“Wait till next year!”
That's not just the perennial cry of Chicago Cubs fans. A leading outplacement consultancy has also taken it up when it comes to the labor market in 2016.
Challenger, Gray & Christmas says while 2015 job cuts are expected to hit a six-year high, the pace of downsizing should slow in the year ahead as hiring and wages continue to make gains.
Although year-end tabulations are still a few weeks away, U.S.-based employers announced 574,888 planned job cuts through November – 19% more than the 2014 year-end total of 483,171. At the current pace, this year is on track to be the biggest job cut year since 2009, when 1,272,030 jobs were eliminated.
The oil patch took the heaviest hits
Looking for somewhere to point the finger? Try the dramatic decline in oil prices, which prompted companies involved in exploration and extraction to make significant adjustments to workforce levels.
All told, falling oil prices were blamed for 102,738 job cuts through November, or nearly one in every five job cuts announced in 2015.
Heavy downsizing was also seen in the public sector, where military cutbacks claimed 57,000 troops and civilian personnel.
“Cuts related to oil prices were heaviest in the first half of year, dropping by more than 50% in the second half,” said John A. Challenger, chief executive officer of Challenger, Gray & Christmas. “With oil prices expected to remain low for the foreseeable future,” he added, “we could continue to see the industry workforce shrink in 2016, though probably not at the rate we saw in the first part of 2015.”
Challenger says a decline in oil cuts is expected to result in an overall slowdown in downsizing activity in 2016. “Job cuts may not reach the previous post-recession low, achieved in 2014, when year-end cuts fell to 483,171,” he pointed out, noting that “even if job cuts don’t fall to post-recession lows, increased hiring and wages are expected to offset the losses.”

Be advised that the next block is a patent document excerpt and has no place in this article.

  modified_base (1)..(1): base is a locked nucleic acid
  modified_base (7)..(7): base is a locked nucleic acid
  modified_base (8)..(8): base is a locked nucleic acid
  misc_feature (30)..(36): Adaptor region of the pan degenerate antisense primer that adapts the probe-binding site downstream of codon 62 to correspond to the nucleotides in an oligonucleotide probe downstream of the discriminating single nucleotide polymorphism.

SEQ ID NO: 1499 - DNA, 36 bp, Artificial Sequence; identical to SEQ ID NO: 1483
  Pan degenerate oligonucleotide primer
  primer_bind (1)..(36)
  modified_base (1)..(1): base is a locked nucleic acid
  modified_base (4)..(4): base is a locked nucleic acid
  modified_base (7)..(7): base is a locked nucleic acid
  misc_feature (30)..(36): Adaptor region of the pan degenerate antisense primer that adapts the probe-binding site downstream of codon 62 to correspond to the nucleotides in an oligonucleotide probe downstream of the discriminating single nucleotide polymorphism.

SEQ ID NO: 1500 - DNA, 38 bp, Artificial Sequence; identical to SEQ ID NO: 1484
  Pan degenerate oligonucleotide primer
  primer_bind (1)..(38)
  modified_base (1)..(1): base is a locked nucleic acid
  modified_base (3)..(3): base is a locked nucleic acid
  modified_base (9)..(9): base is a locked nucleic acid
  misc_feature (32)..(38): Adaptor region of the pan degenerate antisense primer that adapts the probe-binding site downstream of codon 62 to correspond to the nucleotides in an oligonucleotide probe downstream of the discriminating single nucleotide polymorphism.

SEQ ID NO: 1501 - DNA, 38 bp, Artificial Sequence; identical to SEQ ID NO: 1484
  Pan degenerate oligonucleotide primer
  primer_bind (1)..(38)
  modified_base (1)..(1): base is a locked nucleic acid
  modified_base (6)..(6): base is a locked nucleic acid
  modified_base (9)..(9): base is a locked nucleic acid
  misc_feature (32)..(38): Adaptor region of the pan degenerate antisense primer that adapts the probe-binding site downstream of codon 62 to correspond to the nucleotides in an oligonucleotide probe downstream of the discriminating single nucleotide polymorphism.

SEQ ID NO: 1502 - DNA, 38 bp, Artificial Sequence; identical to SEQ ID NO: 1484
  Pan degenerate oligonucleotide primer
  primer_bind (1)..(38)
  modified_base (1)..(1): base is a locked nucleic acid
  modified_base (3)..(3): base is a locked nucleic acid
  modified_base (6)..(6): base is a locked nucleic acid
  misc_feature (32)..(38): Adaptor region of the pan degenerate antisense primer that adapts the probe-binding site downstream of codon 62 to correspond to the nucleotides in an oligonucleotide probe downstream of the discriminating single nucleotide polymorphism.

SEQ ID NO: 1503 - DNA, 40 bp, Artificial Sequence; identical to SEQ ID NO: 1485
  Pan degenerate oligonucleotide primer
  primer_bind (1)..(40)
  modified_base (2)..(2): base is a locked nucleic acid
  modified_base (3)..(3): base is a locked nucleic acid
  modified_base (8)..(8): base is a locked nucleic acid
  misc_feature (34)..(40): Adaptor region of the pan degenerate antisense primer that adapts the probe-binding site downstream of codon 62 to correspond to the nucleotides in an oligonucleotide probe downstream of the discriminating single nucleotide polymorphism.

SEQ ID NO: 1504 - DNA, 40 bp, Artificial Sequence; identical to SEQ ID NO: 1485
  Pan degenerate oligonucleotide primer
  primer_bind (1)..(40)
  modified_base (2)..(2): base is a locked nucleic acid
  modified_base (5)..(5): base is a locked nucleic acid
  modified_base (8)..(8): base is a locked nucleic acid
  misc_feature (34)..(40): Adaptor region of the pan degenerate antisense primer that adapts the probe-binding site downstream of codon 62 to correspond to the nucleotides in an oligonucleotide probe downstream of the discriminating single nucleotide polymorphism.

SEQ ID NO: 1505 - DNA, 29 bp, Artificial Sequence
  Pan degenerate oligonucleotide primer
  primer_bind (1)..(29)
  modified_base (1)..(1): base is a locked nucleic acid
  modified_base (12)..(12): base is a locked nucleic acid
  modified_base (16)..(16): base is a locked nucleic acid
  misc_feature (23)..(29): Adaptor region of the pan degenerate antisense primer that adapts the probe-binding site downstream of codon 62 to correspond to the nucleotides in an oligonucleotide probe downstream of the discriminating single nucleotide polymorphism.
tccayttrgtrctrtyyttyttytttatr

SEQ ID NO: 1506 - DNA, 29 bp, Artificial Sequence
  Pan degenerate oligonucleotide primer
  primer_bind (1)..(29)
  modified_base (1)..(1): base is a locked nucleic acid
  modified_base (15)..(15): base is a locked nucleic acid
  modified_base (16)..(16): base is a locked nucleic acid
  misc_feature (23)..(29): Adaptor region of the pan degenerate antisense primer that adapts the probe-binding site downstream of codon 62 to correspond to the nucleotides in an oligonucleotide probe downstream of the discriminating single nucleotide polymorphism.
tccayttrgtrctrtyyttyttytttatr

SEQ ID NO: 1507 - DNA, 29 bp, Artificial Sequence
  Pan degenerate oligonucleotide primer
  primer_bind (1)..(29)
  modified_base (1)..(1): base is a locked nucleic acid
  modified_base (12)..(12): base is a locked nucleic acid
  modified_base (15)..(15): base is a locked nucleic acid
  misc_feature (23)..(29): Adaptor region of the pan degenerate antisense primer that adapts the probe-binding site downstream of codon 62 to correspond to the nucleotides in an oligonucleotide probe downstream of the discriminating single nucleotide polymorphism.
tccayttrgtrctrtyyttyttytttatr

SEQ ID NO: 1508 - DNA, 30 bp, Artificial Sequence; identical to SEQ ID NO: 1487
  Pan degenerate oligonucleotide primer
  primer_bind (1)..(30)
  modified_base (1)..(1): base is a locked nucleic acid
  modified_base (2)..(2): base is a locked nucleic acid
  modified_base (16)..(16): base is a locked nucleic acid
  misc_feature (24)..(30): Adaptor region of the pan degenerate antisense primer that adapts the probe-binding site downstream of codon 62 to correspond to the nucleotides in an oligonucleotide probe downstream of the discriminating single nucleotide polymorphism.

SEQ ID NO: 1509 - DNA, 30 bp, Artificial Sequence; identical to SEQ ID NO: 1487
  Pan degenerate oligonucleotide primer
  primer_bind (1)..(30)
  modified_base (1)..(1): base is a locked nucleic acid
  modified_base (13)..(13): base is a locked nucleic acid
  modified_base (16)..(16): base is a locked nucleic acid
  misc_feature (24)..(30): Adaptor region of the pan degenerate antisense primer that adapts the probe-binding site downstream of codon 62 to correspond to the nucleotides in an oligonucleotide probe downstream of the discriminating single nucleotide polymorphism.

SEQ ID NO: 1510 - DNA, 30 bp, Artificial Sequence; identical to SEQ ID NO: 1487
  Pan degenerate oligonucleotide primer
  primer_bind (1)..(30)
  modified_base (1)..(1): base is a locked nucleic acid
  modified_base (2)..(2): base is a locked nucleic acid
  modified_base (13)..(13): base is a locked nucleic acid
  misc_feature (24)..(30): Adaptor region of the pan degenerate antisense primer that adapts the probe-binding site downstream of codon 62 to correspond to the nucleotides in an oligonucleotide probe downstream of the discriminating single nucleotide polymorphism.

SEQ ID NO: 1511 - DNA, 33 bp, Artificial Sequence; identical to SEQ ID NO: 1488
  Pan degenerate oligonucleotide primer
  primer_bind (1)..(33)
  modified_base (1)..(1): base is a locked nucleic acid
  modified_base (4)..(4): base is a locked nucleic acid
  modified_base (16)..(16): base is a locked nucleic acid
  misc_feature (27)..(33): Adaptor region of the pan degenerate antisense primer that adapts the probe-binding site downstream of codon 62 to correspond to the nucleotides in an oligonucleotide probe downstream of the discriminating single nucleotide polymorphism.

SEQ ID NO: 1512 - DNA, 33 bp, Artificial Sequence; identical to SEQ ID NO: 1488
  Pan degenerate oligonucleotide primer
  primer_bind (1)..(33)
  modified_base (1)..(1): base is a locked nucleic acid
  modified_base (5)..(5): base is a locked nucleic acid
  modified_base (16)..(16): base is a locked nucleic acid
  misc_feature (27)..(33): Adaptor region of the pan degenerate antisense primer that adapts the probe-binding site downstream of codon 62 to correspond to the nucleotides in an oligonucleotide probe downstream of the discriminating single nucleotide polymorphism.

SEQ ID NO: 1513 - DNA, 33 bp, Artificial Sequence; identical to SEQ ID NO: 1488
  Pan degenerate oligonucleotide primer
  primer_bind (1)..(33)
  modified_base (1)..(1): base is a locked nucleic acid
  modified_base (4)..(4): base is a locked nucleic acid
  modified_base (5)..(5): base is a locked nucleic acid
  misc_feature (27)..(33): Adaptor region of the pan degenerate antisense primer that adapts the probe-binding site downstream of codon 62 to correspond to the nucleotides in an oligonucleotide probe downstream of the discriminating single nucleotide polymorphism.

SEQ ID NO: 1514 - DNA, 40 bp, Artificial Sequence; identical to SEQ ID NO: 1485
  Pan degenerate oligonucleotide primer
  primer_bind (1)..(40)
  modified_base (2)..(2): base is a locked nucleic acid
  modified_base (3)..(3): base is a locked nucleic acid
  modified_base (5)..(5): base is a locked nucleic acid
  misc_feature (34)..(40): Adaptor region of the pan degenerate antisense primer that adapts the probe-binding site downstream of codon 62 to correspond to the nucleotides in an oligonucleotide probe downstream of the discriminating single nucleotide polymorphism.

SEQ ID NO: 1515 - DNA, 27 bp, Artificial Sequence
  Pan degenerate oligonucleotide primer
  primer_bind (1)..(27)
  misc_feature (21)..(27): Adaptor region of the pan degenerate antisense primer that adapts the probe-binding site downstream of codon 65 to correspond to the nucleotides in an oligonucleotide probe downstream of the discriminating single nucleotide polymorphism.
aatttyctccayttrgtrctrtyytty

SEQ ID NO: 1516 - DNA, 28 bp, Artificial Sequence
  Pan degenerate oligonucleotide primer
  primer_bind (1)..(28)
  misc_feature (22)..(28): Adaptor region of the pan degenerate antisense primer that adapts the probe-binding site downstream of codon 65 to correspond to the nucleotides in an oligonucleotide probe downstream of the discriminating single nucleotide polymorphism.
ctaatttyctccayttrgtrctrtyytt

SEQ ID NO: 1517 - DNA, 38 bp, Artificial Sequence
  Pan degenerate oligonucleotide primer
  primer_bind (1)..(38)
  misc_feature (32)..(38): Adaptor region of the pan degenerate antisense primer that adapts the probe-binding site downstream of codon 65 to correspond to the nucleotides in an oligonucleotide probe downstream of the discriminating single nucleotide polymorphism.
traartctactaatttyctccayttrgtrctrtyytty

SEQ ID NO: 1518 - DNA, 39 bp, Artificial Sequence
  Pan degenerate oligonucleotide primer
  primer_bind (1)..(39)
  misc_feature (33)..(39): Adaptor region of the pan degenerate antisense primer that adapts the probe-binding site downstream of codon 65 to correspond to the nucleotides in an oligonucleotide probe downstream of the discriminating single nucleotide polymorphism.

A slowdown in job growth
The nation’s non-farm payrolls grew by an average of 210,000 jobs per month through November, according to data from the Bureau of Labor Statistics. The average in 2014 was 260,000 new jobs per month.
Part of the slowdown, Challenger said, “may have been related to a weakened energy sector, which was one of the strong growth areas in 2013 and 2014. However, another contributor to the slower job gains this year may have been a shrinking supply of available talent.”
A churning labor force
“There is a lot of churn in the labor force right now,” said Challenger. “We have retirees leaving the workforce; we will continue to see layoffs, even in a strong economy; and, each month upwards of 2.7 million Americans quit their jobs. So, when casual observers look at that net job gain of around 200,000 new workers each month, they can easily miss all of this other activity that suggests a very frenetic employment picture where there are still a lot of separations alongside a lot of hiring,” he added.
Challenger expects this heavy churn to continue in 2016, with around 10,000 baby boomers hitting retirement age each day. But he says, that doesn’t mean they are going to leave the labor force. “Recent improvements in the stock market might mean that more can leave the workforce if they want, but many will continue to work out of desire,”he said. “However, many will change jobs, others will cut back hours, and some may leave the workforce for a while and come back. In any case, baby boomers alone will be a significant contributor to labor force churn.”
Challenger says this churn, whether it’s related Baby Boomers or companies shifting strategies, creates opportunities, but that doesn't mean finding a job will be easy in 2016. Employers are still being selective and the hiring process is taking longer, as a result,” he said. “Job seekers should not expect to send out a bunch of resumes and job offers will simply come pouring in.
They will still be required to do the hard leg work. Cold calling, networking, meeting with people on a daily basis, and all of the other activities necessary to uncover the hidden job market and find the best opportunities.